Marriage and the Family An Ideological Battleground An excerpt from Sexual Correctness: The Gender-Feminist Attack on Women By Wendy McElroy To the sexually correct feminist, marriage oppresses women and the family breeds patriarchy. In short, the family is the foundation of patriarchal capitalism, which gender feminists claim is the source of women’s oppression. Virtually all feminists share a belief that men and women experience the family in totally different ways. Their support….”…is deceptive and far more insidious, and has taken an enormous toll. Many women find it hard to resist the promise of a caring, equal relationship with a sympathetic man.” The truly radical assault on the family began with Kate Millett’s book Sexual Politics. “Then , there was a women’s movement that criticized…war as male ejaculation. It criticized marriage and the family as institutional crucibles of male privilege….Some criticized sex, including the institution of intercourse, as a strategy and practice in subordination.” The titles of popular feminist books from the early movement underscore the schism between gender feminists and women who chose domesticity. Gender Feminist Catharine MacKinnon describes the shift from the liberal view marriage, family and heterosexual sex: Gender feminists’ scorn for marriage and the family has not only distanced them from liberals, but from the majority of women who have chosen marriage and motherhood. Gender feminists consider marriage to be an involuntary state, in which women have the status of chattel. Engels – much quoted by Kate Millett, a pioneer of gender theory – was contemptuous of the notion that the family had subordinated women throughout history. On the family farm, it is claimed, the spheres of men’s and women’s work were indistinct. “Women have been seasoned as slaves and prostitutes…But no matter how we’re seasoned – as prostitute or as wife, which is the same thing – we’re seasoned in the patriarchal family almost exclusively to serve sexual functions.” These opinions were backed up with action. Gender feminism’s view of the family has divided women into hostile camps. Most women – however much they might want to reform marriage – do not want to abolish their husbands and children. “The earliest claims that the personal is political came from those gender feminists of the 1960s and 1970s who argued that, since the family was at the root of women’s oppression, it must be ‘smashed’.” Okin argues that the family – the so-called personal sphere – must be opened to political change, by force if necessary. What about couples who wish to maintain a more traditional marriage? What of those women who want to work out the terms of their family structure for themselves, with their husbands? Okin argues that such personal desires are irrelevant: the family is too important a social institution to be abandoned to the arbitrary wishes of the individuals involved. Regarding the issue of marriage, individualist feminism reduces to two key principles: women must retain full control of their own bodies; and, the state should have no dominion over private sexual arrangements.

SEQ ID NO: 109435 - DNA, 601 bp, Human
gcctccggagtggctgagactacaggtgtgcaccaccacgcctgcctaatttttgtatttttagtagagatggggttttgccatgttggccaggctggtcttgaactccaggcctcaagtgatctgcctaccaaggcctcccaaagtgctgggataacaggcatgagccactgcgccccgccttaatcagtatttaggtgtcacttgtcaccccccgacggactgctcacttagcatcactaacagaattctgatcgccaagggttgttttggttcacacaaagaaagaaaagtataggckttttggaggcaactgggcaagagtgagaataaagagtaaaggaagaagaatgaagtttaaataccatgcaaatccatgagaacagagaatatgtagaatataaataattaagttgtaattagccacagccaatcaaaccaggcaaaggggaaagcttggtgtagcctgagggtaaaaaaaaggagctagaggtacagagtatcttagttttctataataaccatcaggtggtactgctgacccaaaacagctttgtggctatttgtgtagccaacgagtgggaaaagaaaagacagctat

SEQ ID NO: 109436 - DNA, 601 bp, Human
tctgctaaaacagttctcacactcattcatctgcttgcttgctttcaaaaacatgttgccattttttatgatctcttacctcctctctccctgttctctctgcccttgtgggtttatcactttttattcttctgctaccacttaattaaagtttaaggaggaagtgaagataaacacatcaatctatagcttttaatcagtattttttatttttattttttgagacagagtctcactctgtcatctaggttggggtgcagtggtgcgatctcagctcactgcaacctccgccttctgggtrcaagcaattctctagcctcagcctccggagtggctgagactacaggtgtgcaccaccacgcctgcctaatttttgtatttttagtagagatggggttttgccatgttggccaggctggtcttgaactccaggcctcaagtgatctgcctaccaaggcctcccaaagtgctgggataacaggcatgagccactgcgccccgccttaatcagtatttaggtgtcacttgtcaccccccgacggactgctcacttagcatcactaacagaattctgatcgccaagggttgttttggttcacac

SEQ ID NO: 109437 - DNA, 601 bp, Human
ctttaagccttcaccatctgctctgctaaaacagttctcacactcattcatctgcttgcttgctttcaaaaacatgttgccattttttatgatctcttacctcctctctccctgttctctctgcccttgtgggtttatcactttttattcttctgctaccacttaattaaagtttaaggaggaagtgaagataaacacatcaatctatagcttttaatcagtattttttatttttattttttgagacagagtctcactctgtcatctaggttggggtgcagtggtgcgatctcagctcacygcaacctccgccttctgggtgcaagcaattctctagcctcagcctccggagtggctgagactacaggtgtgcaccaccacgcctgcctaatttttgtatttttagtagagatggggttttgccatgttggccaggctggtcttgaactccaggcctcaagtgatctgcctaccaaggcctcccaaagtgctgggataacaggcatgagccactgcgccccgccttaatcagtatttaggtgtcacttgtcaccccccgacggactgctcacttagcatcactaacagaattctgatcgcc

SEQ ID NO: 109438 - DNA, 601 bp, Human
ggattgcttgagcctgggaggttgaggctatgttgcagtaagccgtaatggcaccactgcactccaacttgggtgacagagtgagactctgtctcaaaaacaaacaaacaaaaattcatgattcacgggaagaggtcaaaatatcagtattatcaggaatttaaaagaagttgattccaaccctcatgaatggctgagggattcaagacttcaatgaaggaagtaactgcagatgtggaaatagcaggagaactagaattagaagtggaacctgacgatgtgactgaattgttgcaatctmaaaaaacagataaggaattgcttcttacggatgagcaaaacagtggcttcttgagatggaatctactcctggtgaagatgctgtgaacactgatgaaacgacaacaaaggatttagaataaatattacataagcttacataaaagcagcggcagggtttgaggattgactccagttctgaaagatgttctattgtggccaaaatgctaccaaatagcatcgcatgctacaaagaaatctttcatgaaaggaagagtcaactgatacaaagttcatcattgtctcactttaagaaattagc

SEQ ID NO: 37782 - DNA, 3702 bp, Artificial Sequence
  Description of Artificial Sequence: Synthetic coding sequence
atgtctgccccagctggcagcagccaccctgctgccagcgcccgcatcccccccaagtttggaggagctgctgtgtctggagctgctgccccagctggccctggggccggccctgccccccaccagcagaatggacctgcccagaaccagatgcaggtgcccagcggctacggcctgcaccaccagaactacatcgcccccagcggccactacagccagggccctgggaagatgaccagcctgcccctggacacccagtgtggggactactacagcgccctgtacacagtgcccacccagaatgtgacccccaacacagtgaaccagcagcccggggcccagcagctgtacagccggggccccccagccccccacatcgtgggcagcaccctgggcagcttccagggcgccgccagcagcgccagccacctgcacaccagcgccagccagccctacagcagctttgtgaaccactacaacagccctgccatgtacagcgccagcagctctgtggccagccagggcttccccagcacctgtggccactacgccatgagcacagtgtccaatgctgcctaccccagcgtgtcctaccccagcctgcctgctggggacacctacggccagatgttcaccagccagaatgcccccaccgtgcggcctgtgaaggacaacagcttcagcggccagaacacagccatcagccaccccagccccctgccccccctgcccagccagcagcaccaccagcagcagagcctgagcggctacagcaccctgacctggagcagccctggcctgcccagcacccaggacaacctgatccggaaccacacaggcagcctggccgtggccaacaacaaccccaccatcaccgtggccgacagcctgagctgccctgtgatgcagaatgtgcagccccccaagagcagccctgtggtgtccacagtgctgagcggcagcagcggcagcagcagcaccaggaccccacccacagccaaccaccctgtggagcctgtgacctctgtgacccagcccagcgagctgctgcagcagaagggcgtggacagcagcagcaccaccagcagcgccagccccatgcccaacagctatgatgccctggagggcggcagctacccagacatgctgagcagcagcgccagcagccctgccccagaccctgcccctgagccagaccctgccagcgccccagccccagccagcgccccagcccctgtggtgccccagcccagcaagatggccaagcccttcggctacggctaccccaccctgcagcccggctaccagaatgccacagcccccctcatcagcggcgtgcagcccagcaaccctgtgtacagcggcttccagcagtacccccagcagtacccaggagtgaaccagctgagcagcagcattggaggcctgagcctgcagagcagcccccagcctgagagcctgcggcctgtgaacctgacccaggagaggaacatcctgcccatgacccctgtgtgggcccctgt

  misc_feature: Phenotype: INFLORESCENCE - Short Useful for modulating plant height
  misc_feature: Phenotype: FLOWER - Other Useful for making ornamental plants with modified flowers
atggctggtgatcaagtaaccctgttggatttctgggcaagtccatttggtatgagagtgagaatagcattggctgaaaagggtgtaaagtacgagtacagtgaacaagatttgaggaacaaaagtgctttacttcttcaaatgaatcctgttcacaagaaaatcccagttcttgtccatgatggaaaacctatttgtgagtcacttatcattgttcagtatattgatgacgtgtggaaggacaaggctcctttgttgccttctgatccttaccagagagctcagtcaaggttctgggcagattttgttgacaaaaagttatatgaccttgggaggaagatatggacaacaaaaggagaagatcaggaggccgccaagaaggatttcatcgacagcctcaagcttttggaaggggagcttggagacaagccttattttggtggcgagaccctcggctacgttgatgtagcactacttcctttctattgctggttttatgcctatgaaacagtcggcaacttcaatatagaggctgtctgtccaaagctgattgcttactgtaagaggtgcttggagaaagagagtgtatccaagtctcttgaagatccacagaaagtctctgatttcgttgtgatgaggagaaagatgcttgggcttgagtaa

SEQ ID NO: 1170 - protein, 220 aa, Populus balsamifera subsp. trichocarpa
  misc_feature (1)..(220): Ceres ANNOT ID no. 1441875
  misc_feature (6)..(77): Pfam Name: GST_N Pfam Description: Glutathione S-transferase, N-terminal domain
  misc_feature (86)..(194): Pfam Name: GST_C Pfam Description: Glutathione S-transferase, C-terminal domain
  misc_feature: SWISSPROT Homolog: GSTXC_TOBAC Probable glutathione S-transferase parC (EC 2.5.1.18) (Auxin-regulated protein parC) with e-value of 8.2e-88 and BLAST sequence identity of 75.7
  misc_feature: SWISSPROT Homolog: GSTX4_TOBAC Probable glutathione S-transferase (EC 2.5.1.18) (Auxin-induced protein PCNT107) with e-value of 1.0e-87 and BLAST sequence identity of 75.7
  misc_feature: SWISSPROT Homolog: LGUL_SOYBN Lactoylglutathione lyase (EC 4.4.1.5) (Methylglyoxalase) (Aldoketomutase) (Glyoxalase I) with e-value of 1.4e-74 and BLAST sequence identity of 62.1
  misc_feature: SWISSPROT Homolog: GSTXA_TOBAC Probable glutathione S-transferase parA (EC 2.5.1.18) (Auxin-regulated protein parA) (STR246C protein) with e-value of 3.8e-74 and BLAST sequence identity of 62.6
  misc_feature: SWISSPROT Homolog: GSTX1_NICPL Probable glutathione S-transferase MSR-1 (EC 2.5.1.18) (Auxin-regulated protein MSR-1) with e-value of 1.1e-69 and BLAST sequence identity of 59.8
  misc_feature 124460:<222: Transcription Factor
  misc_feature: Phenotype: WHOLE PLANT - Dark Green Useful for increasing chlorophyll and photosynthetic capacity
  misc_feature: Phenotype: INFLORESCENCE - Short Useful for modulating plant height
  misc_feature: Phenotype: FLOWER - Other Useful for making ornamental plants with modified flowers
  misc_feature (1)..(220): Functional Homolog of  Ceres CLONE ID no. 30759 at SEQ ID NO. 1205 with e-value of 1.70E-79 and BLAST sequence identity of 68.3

Keywords: [“Women”,”Family”,”feminist”]
Source: http://www.wendymcelroy.com/sexcor/marr.html

JR Test Site News for 01-18-2018

The Case Against Sharing